Th 'length of happiness' list – including family time, and booking a holiday

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Happiness lasts longer after your favourite sports team has won compared to hearing your partner say ‘I love you’, research has found.
A poll of 2,000 adults found hearing those three sweet words makes people feel good for an average of four hours – but the boost of a win for a favourite team is still there four hours and nine minutes later.
Spending time with family gives people the longest glow, at four hours and 33 minutes, closely followed by booking a holiday and sporting a glowing tan when you get home.
But finishing a workout leaves Brits feeling happier for 30 minutes longer than tucking into junk food.
And bagging a bargain, which leaves people feeling satisfied for three hours and 39 minutes, is better than eating a chocolate bar, being complimented, and having a cold alcoholic drink on a hot day.
Life’s happiest events
The research was commissioned by Capital One UK to mark the opening of Happé Café on 1st and 2nd September; the UK’s first dopamine-inducing café designed to give people a necessary mood boost.
When quizzed on the activities which make Brits feel most happy, 27 per cent said it was spending time with family, while 23 per cent get their dopamine hit from taking a walk in nature.
The birth of a child (21 per cent), getting married (18 per cent) and the day they met their partner (14 per cent) were cited as life’s happiest events.
While Friday was named the day people are at their most cheerful.
Nearly six in 10 (59 per cent) get their ‘feel good’ from the little things in life as opposed to grand gestures.
And 68 per cent claim they drag out what makes them happy, such as drinking a good cup of tea, to make it last longer.
However, due to the current financial climate, 39 per cent have had to cut back on the things that bring them happiness.
Takeaways (42 per cent), holidays (39 per cent) and social activities with friends (37 per cent) are among the top sacrifices being made.
But a quarter aren‘t prepared to give up their daily coffee and 21 per cent would continue to go shopping – with 24 per cent feeling a sense of happiness when hitting the high streets.
The little things
It also emerged 44 per cent tend to put other people’s happiness ahead of their own as 57 per cent said making someone else happy improves their own mood.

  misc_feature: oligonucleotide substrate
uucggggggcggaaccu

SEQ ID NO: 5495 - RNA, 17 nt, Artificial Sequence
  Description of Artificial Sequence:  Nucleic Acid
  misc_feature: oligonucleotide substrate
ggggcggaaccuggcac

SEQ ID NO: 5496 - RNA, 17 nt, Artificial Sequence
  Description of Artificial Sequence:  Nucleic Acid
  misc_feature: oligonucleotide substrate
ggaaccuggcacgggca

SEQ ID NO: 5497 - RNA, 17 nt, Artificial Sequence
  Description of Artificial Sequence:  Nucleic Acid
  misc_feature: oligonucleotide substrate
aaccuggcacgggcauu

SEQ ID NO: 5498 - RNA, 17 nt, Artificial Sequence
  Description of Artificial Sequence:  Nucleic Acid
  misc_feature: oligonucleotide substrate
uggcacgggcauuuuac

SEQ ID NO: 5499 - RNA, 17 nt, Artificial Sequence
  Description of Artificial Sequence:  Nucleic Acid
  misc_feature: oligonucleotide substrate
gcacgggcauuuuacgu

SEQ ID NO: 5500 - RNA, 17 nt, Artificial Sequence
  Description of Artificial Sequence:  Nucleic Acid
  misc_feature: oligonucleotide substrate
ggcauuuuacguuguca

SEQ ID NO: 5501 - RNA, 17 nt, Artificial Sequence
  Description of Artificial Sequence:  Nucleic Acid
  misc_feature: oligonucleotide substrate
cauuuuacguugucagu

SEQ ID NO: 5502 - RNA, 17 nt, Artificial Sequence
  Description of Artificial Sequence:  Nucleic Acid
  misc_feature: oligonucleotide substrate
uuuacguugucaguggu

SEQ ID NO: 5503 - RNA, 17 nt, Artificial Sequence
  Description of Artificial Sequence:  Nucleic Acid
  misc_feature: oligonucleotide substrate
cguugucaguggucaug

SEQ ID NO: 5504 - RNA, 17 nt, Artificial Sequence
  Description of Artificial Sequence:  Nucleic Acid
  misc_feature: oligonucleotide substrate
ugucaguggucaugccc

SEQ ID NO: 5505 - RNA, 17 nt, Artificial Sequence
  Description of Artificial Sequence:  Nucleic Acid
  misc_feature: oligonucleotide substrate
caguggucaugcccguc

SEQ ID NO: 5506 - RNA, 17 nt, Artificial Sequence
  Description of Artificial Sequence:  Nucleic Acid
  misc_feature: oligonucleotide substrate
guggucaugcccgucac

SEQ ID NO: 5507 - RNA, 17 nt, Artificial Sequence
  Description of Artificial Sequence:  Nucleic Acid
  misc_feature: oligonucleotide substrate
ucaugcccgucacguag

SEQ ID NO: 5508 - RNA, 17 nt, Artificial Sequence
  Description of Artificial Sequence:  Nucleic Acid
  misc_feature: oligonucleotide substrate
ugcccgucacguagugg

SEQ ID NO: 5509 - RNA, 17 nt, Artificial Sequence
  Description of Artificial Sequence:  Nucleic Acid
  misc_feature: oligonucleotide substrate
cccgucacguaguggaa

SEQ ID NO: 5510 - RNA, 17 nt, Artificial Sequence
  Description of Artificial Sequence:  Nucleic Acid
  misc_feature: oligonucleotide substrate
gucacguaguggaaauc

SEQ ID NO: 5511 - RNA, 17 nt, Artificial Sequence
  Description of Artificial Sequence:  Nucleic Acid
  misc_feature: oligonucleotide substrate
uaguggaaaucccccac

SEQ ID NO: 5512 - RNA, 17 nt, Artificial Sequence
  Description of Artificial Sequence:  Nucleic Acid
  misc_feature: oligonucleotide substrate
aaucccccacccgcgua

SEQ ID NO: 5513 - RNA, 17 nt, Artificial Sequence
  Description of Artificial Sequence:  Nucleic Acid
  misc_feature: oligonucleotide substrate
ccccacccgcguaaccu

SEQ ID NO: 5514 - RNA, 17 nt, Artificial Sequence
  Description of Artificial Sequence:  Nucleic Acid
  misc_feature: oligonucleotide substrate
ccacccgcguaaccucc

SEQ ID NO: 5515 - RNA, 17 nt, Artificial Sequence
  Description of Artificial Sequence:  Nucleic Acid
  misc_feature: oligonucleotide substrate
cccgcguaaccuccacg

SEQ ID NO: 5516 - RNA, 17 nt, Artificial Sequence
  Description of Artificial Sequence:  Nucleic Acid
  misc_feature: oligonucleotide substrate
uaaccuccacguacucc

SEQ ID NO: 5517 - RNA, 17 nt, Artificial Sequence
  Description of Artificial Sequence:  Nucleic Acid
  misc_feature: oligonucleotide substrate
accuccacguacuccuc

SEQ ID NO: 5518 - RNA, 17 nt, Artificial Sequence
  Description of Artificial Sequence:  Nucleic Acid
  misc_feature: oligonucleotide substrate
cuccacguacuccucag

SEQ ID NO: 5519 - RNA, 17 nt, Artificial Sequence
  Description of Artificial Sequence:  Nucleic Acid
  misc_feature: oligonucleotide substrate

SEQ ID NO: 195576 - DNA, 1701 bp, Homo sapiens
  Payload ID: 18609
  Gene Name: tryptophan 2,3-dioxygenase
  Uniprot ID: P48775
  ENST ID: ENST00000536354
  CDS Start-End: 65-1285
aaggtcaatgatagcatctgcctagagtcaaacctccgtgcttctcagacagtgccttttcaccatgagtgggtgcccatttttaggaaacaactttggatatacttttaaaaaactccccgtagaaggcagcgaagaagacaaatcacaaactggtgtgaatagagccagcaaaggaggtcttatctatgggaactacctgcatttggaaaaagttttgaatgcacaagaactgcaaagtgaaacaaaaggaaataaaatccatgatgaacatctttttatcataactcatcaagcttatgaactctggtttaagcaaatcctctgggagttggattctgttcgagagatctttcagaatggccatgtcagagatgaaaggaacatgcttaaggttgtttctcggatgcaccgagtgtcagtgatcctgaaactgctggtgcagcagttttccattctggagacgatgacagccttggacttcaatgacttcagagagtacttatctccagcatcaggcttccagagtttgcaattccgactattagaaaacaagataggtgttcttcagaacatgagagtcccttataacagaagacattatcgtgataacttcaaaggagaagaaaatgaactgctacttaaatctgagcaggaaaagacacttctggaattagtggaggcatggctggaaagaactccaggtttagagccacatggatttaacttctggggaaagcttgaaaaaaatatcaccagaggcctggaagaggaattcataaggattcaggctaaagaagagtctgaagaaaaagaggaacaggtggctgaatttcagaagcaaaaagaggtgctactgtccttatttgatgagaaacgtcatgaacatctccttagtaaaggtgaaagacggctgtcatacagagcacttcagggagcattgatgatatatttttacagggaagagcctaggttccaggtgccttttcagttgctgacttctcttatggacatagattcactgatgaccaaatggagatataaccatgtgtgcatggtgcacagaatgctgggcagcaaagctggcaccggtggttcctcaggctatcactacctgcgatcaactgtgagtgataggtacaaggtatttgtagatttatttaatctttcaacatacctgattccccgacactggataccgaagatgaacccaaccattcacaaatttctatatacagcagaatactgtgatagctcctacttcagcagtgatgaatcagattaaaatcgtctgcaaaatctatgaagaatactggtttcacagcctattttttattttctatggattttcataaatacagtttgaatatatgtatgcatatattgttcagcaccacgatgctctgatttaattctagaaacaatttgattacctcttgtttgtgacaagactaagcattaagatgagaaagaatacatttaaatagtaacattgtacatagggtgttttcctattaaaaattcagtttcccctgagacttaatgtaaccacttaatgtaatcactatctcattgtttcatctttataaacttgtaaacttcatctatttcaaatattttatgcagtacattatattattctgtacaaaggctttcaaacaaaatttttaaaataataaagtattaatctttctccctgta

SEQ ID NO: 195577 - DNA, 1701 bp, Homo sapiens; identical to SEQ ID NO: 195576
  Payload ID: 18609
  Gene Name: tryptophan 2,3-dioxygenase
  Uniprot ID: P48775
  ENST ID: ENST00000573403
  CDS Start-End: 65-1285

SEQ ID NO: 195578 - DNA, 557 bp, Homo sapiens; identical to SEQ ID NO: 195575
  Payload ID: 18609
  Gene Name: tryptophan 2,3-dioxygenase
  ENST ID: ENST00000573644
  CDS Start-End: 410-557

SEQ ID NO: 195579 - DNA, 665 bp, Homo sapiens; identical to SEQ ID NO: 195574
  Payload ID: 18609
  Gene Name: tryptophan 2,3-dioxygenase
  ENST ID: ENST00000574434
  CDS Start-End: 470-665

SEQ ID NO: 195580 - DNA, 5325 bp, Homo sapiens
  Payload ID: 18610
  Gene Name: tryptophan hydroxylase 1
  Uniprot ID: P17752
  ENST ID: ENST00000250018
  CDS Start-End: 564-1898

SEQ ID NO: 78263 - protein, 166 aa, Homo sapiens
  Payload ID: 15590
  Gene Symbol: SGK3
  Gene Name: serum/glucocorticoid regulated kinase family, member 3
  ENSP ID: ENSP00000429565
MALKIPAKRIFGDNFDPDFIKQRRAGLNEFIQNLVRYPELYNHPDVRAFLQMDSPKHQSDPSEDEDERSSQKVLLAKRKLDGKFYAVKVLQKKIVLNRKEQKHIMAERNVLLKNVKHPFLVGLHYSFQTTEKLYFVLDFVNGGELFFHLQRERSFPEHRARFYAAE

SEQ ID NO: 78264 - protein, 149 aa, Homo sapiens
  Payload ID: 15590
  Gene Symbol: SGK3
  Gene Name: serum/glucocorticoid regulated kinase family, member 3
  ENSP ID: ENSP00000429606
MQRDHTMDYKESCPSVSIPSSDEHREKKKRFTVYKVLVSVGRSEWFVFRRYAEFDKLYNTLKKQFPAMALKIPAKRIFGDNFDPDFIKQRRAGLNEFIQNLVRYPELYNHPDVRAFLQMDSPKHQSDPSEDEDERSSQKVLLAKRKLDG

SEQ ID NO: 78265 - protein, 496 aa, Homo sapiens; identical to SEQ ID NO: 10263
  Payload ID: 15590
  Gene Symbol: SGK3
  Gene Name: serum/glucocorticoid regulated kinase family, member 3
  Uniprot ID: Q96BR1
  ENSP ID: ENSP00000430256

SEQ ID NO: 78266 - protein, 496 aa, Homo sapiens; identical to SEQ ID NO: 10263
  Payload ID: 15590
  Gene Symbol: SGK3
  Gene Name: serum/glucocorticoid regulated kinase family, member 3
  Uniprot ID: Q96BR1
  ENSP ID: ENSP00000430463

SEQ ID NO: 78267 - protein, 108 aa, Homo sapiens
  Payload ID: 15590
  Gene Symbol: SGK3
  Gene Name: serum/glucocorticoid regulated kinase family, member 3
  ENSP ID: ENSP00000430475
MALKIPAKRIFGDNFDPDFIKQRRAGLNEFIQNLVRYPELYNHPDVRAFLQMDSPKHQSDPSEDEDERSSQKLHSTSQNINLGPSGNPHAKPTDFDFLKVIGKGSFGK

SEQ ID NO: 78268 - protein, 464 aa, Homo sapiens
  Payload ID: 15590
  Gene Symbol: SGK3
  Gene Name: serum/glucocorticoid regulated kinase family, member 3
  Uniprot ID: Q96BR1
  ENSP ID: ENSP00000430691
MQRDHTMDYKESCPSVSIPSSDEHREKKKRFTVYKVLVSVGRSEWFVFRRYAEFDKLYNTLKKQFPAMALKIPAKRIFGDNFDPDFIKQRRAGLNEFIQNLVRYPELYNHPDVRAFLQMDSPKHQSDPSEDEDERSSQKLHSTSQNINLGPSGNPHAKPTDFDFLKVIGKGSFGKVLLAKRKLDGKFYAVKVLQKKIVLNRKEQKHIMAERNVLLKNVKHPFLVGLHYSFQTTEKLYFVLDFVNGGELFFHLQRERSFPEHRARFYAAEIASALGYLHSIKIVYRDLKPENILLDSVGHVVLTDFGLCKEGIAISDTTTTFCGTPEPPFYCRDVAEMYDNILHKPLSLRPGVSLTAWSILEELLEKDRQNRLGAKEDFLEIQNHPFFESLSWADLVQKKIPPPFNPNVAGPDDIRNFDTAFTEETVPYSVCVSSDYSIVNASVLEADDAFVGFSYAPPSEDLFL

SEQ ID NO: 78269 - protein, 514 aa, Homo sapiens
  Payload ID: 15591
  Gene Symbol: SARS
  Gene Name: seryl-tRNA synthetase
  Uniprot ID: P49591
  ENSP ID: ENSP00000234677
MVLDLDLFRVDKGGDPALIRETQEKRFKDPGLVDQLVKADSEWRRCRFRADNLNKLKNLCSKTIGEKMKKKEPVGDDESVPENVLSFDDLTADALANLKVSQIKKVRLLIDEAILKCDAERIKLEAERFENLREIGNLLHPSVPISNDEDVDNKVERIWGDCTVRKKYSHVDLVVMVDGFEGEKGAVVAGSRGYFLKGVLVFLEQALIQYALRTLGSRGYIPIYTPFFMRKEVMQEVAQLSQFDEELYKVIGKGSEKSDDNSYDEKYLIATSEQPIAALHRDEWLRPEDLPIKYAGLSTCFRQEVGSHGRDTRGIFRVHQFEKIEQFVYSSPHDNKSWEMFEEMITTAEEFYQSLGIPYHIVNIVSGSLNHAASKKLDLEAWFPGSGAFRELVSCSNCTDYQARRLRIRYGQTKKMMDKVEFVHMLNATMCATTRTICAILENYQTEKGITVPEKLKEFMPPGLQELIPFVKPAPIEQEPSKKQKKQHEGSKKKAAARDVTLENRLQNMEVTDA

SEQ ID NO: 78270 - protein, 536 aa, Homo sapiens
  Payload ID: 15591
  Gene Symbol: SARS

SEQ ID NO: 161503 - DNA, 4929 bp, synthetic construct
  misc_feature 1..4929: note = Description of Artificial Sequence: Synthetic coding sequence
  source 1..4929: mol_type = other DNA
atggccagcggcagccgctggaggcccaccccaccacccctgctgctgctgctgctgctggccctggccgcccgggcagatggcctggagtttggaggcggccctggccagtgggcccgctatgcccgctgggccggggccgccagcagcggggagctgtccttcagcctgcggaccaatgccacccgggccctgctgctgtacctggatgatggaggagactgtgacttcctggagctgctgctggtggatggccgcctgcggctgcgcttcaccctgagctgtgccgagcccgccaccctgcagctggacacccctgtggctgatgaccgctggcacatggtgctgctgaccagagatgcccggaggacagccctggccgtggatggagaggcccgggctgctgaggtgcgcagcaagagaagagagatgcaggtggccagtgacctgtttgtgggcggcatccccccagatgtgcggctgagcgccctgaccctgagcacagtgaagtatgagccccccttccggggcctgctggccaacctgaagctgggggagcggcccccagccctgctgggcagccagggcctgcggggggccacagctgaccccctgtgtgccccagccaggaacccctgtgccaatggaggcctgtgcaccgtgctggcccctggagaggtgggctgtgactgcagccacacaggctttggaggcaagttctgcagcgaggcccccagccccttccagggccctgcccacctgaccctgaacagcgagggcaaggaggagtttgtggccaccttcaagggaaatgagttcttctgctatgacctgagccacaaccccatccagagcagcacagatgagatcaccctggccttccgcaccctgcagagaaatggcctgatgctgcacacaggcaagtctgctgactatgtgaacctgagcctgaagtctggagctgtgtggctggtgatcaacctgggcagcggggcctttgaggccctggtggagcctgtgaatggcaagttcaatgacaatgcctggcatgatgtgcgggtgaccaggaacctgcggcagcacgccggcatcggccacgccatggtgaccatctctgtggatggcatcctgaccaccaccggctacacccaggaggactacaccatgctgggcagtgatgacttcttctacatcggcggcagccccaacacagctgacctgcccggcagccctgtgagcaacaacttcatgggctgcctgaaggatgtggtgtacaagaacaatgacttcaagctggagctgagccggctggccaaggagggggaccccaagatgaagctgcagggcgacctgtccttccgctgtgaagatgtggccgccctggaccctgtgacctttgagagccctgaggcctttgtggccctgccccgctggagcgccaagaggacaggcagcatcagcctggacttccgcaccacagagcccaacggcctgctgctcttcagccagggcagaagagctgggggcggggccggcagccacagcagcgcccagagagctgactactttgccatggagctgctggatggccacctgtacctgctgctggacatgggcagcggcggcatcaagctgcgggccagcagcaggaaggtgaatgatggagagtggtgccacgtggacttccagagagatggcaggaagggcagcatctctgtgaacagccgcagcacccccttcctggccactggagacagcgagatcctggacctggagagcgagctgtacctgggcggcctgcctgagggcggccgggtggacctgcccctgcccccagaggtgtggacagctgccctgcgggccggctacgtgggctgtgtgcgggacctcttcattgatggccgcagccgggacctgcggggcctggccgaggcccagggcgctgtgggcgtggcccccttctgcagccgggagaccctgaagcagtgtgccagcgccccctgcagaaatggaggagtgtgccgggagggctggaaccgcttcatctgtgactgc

More than a quarter (27 per cent) will often go out of their way to spread positivity while the average adult will treat themselves three times a week to help make them feel better – spending up to £43 each month doing this.
And nearly four in 10 (37 per cent) say they will typically buy something if they are having a good day – but 55 per cent would argue the best things in life are free.
The study, conducted via OnePoll, also found 54 per cent don’t need to spend money to be happy.
Andrew Clayton, for Capital One UK, said: “As the research reveals, more than half of us get our mood boosts from the little things in life.
“We’re on a mission to drive positive change across the lending market and promise to put the best interests of our customers first, by doing one small, good thing at a time.
“Our Happé Café brings this to life, offering people a complimentary happiness hit when they need it most.”
The length of happiness list

Spending time with family – 4 hours 33 minutes
Booking a holiday – 4 hours 31 minutes
Getting home from a holiday with a glowing tan – 4 hours 13 minutes
Your sports team winning – 4 hours 9 minutes
When your child makes you a piece of art – 4 hours 1 minute
A partner saying ‘I love you’ – 4 hours
Playing with your pet – 3 hours 47 minutes
Finding a bargain in a shop – 3 hours 39 minutes
Finishing a workout – 3 hours 36 minutes
Cleaning/tidying the house – 3 hours 36 minutes
Eating a chocolate bar – 3 hours 34 minutes
Getting complimented – 3 hours 30 minutes
Having a cold alcoholic drink on a hot day – 3 hours 17 minutes
Listening to a song that fills you with nostalgia – 3 hours 9 minutes
Eating junk food – 3 hours 6 minutes
Drinking a cup of tea – 3 hours 4 minutes

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